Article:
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For the past 6 months or so, my wife and I have been using an app called "OurGroceries" to manage our shopping lists, and I recommend it highly. Through a smartphone app, we can easily add things to various shopping / errands lists, see instantaneous updates as we shop, and a lot more. The app is very easy to use, both in adding and crossing off items on your shopping list - we use the iOS version on our iPhones, and there is an Android version, as well.

In spite of the "groceries" reference in the title, you can use this for just about any shopping or errands list. As you can see in the screenshot, we've set up lists for a number of our commonly-visited stores, as well as a general purpose "Groceries" list. As we think of something, it is very easy to add it to the list, and it automatically shows up for the other person.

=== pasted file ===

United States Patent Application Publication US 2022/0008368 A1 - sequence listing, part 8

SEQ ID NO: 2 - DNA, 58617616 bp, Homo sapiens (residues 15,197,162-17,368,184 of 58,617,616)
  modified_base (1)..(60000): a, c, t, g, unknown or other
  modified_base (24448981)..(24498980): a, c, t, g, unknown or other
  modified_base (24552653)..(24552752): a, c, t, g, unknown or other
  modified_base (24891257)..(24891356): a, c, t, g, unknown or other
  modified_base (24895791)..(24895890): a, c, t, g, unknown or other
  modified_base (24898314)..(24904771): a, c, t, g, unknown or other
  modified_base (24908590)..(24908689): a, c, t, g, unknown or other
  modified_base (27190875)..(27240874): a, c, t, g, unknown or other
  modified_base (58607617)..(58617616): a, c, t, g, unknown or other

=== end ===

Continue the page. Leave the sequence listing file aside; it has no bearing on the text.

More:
As you use the list over time, you tend to repeat items, and the app makes it easy to add those items to the list. You can either start typing and it will autocomplete based on your history, or you can tap on one of the crossed off items (as seen below) and that item will be moved back to your list. I also find I am less likely to forget things if I scan through old items to jog my memory.

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Another cool feature is the ability to set up recipes (we only have one, at the moment as you can see in the first screenshot). With recipes, you can bulk-add items for a specific recipe or project. Once you define the recipe, a single tap will add all of its items to the appropriate lists. The recipes don't have to be literally recipes - for example, you might have a "Backyard BBQ" recipe that includes a bunch of items you want to stock up on to prepare for an upcoming event.

OurGroceries has two versions - a free, ad-supported version and a paid, ad-free version (paid via an in-app purchase). After seeing the value a few weeks in, I paid the $4.99 for the ad-free version and I haven't regretted it.